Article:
Sidney

    June 1st, 2016 at 2:03 PM

    Our children imitate the kind of behavior that they see in us at home. If they see us fighting all the time with no real communication then yes, this is how they are going to behave as well. They have no real idea of what it is to have a positive conversation because they never seem to have that modeled to them. If we are looking at what is wrong with our children then often it is a great idea to take a look in the mirror first.

  • Marco

    Marco

    June 2nd, 2016 at 7:05 AM

    The pain the we often inflict on our children and do not even know it, uggghhh

  • Samantha Jane

    Samantha Jane

    June 3rd, 2016 at 6:52 AM

    I want to say that I have always been in adult conversation with my partner around our kids, but I know that this is not always the case. I guess it is a matter of does this happen once, no big deal. But is it a pattern of behavior that continually impacts the child? Then yeah, you probably have a problem there.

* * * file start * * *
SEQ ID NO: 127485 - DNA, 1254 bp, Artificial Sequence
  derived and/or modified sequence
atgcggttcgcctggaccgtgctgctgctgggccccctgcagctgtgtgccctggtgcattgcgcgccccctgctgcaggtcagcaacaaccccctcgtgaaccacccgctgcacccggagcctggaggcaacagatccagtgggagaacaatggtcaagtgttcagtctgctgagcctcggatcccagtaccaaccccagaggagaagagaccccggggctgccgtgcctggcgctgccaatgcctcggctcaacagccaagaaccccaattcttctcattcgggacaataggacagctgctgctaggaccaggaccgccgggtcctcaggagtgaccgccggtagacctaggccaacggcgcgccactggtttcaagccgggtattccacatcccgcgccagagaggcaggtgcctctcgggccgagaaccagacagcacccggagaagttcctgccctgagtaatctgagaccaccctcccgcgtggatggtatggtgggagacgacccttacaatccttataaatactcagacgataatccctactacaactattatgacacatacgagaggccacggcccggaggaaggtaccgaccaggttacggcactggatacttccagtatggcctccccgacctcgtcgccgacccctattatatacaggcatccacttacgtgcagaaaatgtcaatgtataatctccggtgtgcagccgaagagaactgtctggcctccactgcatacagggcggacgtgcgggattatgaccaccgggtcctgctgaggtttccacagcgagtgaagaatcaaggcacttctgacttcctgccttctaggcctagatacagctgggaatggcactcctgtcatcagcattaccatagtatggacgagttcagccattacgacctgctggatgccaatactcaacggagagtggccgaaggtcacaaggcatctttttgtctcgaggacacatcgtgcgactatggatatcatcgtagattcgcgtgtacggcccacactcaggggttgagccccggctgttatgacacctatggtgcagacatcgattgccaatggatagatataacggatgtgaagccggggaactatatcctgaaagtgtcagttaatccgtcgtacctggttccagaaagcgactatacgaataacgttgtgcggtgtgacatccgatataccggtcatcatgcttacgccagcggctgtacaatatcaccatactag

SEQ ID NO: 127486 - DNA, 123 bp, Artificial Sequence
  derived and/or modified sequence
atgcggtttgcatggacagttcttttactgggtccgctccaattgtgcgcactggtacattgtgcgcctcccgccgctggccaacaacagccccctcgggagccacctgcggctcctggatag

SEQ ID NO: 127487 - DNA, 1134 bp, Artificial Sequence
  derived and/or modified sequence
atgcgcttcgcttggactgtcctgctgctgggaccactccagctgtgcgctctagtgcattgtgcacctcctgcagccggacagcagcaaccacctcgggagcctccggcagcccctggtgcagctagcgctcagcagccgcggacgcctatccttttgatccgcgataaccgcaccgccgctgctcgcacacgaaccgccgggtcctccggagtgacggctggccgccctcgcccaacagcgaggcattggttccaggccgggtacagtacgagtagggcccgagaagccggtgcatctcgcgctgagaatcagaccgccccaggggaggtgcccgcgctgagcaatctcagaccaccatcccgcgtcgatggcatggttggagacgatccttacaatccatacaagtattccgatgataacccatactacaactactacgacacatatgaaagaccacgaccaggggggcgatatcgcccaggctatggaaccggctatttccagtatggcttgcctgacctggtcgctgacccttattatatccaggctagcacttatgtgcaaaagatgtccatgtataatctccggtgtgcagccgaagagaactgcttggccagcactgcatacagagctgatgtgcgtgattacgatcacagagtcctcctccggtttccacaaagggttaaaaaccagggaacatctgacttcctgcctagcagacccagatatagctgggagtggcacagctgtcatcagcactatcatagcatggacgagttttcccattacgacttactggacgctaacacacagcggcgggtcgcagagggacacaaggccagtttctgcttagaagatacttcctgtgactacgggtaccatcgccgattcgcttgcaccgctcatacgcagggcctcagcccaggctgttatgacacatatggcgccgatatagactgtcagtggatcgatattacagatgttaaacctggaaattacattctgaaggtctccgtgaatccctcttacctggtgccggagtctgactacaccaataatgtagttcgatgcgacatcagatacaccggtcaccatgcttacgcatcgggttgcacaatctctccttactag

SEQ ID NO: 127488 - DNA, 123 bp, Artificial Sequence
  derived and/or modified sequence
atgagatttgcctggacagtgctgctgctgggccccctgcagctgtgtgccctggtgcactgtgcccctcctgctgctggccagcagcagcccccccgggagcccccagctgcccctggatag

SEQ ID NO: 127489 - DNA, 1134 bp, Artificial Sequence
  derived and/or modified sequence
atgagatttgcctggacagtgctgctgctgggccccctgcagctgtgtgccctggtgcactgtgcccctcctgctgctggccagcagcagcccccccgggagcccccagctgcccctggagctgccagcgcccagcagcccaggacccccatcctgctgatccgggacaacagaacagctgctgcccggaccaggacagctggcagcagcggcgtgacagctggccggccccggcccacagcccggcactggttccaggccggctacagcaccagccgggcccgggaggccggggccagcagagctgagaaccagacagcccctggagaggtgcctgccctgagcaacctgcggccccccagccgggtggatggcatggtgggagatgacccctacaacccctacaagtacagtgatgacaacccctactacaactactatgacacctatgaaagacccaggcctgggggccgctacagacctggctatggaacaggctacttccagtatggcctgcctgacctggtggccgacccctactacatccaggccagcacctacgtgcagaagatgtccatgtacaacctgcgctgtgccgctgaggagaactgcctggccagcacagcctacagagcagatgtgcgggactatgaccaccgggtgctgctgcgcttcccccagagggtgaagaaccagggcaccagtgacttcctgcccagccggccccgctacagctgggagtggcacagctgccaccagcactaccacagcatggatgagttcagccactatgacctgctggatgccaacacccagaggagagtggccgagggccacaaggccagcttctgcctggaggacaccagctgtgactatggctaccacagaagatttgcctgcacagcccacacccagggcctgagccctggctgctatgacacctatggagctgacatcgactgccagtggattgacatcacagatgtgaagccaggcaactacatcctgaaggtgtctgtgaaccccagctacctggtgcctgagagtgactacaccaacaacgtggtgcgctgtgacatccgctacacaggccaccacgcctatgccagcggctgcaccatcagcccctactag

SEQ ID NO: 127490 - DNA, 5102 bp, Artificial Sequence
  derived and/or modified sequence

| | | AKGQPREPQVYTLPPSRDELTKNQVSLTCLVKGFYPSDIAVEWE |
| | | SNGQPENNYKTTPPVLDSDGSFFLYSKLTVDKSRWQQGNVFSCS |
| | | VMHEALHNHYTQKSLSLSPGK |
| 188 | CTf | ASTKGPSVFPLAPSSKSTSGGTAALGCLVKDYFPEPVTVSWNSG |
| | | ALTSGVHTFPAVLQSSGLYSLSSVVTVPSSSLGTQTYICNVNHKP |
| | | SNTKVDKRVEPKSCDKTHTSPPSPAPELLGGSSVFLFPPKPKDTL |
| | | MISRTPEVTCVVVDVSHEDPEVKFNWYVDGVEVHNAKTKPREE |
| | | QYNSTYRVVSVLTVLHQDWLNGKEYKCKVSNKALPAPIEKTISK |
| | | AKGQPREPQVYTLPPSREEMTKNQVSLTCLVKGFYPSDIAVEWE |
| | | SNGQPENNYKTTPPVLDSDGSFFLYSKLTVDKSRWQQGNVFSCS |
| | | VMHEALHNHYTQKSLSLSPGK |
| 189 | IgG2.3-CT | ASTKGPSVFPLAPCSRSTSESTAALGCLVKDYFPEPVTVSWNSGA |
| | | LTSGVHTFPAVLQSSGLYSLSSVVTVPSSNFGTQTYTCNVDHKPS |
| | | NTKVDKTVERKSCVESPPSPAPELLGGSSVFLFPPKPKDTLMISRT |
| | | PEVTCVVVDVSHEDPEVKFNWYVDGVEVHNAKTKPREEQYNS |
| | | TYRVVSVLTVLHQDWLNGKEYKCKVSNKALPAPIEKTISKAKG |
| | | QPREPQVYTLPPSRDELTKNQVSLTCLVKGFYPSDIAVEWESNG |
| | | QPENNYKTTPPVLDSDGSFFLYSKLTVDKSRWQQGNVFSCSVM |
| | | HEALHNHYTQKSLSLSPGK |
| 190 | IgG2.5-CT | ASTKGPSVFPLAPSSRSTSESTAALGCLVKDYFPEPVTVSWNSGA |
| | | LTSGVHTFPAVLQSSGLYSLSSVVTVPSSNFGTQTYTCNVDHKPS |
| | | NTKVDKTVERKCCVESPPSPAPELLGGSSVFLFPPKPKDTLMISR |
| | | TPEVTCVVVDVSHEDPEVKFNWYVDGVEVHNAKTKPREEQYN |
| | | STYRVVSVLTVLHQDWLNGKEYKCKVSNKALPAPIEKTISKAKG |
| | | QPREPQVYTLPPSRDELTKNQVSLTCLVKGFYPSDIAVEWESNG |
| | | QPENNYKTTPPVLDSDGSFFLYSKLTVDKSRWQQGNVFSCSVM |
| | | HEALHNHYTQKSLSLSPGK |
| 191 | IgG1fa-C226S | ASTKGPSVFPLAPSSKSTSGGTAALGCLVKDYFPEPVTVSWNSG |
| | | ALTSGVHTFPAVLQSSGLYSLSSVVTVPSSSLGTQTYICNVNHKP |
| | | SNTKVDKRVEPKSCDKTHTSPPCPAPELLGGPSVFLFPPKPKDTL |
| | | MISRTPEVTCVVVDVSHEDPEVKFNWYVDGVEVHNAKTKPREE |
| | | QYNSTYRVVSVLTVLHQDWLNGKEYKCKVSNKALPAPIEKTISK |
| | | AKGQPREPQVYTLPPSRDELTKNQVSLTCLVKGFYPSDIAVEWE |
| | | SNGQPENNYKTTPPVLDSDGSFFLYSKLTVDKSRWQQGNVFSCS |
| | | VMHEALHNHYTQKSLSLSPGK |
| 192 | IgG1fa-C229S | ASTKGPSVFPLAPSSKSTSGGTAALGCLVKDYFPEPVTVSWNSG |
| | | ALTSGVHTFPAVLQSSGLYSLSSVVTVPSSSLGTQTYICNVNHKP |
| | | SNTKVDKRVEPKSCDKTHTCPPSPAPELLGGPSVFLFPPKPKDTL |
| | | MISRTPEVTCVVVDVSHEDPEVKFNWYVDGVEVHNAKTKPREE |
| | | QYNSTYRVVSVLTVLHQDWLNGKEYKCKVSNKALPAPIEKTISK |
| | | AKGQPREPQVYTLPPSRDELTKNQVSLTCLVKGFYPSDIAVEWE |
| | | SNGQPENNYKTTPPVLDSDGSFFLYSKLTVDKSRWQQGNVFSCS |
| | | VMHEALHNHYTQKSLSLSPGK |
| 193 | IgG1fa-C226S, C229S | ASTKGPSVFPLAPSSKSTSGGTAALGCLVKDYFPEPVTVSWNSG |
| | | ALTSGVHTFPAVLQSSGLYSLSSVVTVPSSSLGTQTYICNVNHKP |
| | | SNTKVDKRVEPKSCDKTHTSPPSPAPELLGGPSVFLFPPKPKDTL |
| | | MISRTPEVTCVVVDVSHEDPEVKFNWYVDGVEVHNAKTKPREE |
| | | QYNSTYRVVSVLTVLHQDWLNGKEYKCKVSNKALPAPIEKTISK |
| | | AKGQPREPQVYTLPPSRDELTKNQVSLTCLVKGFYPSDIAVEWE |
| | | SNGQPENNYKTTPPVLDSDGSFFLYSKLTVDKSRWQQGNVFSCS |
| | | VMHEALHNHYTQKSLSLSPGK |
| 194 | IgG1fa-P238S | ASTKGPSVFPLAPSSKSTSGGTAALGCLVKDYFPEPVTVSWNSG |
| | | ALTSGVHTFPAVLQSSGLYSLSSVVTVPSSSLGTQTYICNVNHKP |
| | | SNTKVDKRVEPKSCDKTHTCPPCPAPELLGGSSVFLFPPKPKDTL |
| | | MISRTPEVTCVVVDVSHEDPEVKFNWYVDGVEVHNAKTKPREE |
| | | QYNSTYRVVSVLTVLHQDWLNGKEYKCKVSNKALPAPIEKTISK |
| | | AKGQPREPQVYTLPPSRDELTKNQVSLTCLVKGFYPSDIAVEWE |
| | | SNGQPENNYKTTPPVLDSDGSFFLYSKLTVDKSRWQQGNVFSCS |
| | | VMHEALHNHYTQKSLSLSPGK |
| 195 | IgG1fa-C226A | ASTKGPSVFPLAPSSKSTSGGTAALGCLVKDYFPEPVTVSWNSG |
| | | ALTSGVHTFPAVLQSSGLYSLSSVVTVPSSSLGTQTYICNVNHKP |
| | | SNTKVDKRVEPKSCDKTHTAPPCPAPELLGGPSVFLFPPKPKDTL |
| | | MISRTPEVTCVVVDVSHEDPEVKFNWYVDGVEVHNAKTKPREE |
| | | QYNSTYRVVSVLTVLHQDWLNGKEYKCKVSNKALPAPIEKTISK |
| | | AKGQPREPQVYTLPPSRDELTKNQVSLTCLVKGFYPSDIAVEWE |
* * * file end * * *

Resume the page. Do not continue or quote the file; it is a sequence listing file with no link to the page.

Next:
• MC

    MC

    June 3rd, 2016 at 1:35 PM

    When my husband and I were going through our divorce, I will truthfully admit that I probably ignored the kids.
    This was something that I was going through in life that I never ever imagined would happen to me and when it did it rocked me to the core, and not in a very good way!
    I wish that I could say that I was a good parent to them that year but I know that I wasnt’t and he was not either. We missed an entire year or more basically because we were so wrapped up in our own personal lives.
    I am ashamed that this happened and I live every day now hoping that I can one day earn back what was lost during that time.

  • Carinne

    Carinne

    June 5th, 2016 at 1:17 PM

    I don’t think that for one day of their lives my parents ever worried that what they said or did had an impact on us as kids. They worried yes about providing food and shelter but if it was anything else I suspect that they just assumed that we should just get over it.